Brandt's bat

Brandt’s bat was only recognised as a separate species in 1970. It is a small bat with dark brown, slightly shaggy fur. The fur becomes brighter with light-golden tips, as they get older.

The scientific name of Brandt's bat is Myotis brandtii.

Brandt's bat IUCN classification

GB: Data deficient

England: Data deficient

Scotland: Data deficient

Wales: Data deficient

Global: Least concern

Vital statistics

Head & body length: 38mm – 50mm

Forearm length: 31mm – 39mm

Wingspan: 210mm – 240mm

Weight: 4.5g – 9.5g

Colour: Fur dark grey or brown, golden tips on back, greyish underneath. Face and base of ears often pinkish.

General information

Brandt's bat

Anita Glover

Brandt's bat was only recognised as a separate species in 1970 because it is so similar to the whiskered bat. After that, most records, especially those of bats in hibernation, were recorded as Brandt’s/whiskered. Then the discovery of Alcathoe bat in 2001 confused things even more.

These three species are often referred to as the small Myotis group, being in the same genus. All three look and sound very similar. Tiny differences in their teeth, the shape of their tragus (a structure of cartilage inside the outer ear, seen in the photo above) and penis shape may help bat workers to identify them. However, the similarity between the three species makes it very difficult to find out more about their ecology.

Brandt’s bats emerge within half an hour of sunset and probably remain active throughout much of the night. They have a rapid and skilful flight, flying at a medium height and more often within woodland than the whiskered bat. They occasionally pick their prey off foliage and often feed near water.

Brandt's bat habitat

Brandt’s bats are regularly found in buildings, though colonies are more commonly found in the north and west. They are found in all types of houses including some modern ones, but particularly in older buildings with stone walls and slate roofs. It is a crevice dweller, often roosting until hanging tiles, above soffits, in cavity walls and under ridge tiles.

Droppings frequently accumulate in the roof below the ridge and especially below the favoured roost sites, but not particularly at gable ends or on chimneys. Colonies of Brandt’s bats and whiskered bats may use separate parts of the same roof and may also roost with pipistrelles or long eared bats. They do roost in trees and churches, and have been known to use bat boxes.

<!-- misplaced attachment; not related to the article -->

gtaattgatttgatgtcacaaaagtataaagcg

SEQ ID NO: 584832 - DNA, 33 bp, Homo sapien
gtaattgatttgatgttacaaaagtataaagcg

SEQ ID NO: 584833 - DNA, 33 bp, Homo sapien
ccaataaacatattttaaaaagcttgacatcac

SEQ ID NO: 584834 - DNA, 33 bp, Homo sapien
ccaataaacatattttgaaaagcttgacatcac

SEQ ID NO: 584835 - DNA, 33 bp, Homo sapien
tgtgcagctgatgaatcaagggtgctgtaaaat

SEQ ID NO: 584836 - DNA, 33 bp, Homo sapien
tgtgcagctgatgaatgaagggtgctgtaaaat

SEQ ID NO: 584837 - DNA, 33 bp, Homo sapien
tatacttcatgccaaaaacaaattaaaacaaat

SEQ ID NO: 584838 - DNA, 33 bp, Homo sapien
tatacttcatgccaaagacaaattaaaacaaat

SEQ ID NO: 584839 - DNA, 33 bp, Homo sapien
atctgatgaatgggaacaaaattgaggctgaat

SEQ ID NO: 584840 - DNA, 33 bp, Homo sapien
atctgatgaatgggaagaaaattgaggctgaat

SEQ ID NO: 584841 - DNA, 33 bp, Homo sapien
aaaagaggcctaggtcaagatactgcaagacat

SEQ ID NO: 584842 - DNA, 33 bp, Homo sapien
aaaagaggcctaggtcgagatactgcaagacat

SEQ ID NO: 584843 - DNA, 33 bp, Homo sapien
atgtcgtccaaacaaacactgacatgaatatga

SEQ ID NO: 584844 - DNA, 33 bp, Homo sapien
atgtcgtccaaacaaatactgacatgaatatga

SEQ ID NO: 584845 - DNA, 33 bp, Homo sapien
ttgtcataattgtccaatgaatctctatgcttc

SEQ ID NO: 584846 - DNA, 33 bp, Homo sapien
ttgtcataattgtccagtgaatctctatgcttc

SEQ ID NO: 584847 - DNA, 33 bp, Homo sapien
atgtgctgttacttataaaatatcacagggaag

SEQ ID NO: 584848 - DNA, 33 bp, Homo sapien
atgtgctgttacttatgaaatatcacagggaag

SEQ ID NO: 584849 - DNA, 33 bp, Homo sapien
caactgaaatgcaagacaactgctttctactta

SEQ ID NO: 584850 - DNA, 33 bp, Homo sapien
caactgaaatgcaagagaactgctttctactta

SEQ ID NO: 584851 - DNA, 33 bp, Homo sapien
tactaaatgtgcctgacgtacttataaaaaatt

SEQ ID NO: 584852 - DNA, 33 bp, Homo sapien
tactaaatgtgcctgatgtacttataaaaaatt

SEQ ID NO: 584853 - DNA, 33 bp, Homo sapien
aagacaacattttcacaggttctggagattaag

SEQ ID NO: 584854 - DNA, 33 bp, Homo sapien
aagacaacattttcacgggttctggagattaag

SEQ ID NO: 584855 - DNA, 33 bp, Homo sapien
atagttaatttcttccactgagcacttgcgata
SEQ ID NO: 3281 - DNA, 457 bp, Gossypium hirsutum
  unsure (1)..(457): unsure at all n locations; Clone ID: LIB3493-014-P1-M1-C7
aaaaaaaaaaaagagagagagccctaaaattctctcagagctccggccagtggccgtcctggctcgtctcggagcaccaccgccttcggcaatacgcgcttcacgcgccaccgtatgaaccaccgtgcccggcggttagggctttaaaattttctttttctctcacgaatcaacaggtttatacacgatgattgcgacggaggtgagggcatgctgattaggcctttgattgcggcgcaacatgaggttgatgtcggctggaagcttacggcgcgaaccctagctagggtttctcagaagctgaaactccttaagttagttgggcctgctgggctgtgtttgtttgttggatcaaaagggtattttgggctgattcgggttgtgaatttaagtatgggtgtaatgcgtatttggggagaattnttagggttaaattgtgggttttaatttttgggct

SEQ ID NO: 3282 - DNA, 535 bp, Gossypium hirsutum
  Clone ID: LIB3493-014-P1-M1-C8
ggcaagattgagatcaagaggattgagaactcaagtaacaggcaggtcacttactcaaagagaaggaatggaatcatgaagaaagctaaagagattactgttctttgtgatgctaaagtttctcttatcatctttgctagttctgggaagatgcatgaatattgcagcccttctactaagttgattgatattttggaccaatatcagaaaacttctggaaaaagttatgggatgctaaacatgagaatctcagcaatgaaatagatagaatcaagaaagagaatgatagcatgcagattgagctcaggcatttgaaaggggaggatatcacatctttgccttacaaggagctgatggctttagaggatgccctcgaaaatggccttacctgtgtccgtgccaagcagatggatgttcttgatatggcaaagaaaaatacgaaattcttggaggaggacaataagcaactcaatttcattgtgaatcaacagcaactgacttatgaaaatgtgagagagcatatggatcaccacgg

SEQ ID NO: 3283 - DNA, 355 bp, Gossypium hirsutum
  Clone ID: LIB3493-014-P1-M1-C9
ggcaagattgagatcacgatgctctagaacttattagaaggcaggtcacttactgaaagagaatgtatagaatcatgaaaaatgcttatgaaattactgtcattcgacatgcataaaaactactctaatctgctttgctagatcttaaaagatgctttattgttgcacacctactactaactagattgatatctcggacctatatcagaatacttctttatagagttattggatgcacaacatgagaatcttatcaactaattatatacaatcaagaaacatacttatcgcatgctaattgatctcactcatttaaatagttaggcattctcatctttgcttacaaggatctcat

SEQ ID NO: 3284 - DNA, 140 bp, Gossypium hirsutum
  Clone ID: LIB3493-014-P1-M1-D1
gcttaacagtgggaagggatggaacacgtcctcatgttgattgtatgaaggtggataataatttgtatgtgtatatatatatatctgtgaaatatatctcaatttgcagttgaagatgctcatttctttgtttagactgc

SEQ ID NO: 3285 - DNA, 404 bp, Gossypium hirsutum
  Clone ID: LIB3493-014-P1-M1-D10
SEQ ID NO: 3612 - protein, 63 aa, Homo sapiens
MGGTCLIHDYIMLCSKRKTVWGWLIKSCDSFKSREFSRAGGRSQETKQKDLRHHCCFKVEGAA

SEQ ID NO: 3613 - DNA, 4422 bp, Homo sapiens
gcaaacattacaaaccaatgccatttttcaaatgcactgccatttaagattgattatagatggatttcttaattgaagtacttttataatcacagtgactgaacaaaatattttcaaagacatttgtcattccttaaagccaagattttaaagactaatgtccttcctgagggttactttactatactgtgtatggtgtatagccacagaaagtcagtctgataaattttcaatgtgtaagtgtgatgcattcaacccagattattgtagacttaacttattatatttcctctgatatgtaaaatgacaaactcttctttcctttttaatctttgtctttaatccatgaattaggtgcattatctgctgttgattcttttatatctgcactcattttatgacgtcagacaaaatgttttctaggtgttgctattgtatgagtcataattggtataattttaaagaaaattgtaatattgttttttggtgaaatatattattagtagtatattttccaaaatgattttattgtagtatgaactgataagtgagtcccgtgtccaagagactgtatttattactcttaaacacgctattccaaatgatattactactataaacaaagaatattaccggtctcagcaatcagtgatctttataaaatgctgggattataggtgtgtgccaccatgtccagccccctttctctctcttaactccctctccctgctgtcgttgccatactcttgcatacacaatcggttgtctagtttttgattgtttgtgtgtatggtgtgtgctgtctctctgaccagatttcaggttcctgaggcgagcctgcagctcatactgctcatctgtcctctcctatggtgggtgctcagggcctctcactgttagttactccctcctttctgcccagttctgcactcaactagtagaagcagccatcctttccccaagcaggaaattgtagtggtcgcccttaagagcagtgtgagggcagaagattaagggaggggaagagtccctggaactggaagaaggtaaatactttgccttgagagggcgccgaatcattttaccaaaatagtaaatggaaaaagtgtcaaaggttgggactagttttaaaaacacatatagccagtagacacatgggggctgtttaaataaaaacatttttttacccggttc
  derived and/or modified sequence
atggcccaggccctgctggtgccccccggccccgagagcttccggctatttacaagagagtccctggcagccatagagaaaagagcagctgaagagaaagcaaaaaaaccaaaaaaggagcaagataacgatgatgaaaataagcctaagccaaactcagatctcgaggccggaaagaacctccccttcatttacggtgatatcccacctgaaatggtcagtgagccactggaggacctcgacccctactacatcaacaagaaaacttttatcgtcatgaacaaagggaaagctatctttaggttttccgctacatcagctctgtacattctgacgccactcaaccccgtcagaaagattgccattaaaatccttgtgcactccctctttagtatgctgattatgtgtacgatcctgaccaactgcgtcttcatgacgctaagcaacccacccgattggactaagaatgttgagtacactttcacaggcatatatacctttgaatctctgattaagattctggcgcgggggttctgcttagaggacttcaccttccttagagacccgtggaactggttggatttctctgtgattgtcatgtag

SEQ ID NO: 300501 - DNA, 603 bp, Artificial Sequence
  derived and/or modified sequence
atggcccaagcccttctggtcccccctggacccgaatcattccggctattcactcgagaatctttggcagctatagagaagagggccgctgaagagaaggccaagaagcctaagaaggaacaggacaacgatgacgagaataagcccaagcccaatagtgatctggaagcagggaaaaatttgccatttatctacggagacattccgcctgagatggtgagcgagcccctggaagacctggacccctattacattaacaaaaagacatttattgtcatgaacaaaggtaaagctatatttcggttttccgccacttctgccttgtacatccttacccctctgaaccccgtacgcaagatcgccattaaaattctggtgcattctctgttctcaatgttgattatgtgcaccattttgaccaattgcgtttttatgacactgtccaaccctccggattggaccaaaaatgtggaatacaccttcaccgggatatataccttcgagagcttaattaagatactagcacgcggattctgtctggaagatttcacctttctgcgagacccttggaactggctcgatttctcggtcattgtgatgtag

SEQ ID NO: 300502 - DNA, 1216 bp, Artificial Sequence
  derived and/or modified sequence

In winter, Brandt’s bats are regularly found hibernating in caves and tunnels, almost always in small numbers – it is uncertain where the majority of them hibernate. They often lodge in tight crevices and can be found among clusters of other species. Males may stay at the hibernation sites until well into May.


Brandt's bats mainly feed on moths, other small insects and spiders.

Reproduction and life cycle

Brandt's bats usually mate in autumn, but has been observed in all winter months. Adult females form maternity colonies in the summer, giving birth to their single young in June or early July. The baby is fed solely on its mother’s milk: by three weeks it can fly and by six weeks it can forage for itself.

Some Brandt's bat females reach sexual maturity at three months (in their first autumn) but the majority do not mate until their second autumn.

A Brandt’s bat was discovered hibernating in Siberia with a metal bat ring (which is engraved with a unique reference number) on its forearm, fitted by researchers 41 years before. This makes it not only the oldest known bat, but also the oldest small mammal ever recorded.

Echolocation of Brandt's bat

Brandt’s bats echolocate between 33kHz and 89kHz, sounding loudest at 45kHz. Their calls sound like dry clicks (similar to Daubenton’s but not as regular and often slower).

They are sometimes mistaken for pipistrelles but their frequency range is much wider.

Distribution and conservation

Brandt's bat

Range Map: Fourth Report of Brandt's bat (Myotis brandtii) by the United Kingdom under Article 17, JNCC (2019)

Brandt’s bat is thought to be slightly less common and widespread than the whiskered bat. It is found throughout England and Wales and has only recently been recorded in Ireland as well.

They are vulnerable to the effects of modern agricultural practices and decline of woodland, which result in loss of suitable feeding habitats and hollow trees for roosting. Brandt's bats are susceptible to pesticides, especially those used as remedial timber treatment chemicals. Disturbance and vandalism of their hibernation sites (caves and tunnels) is an additional threat.

Next: Brown long-eared bat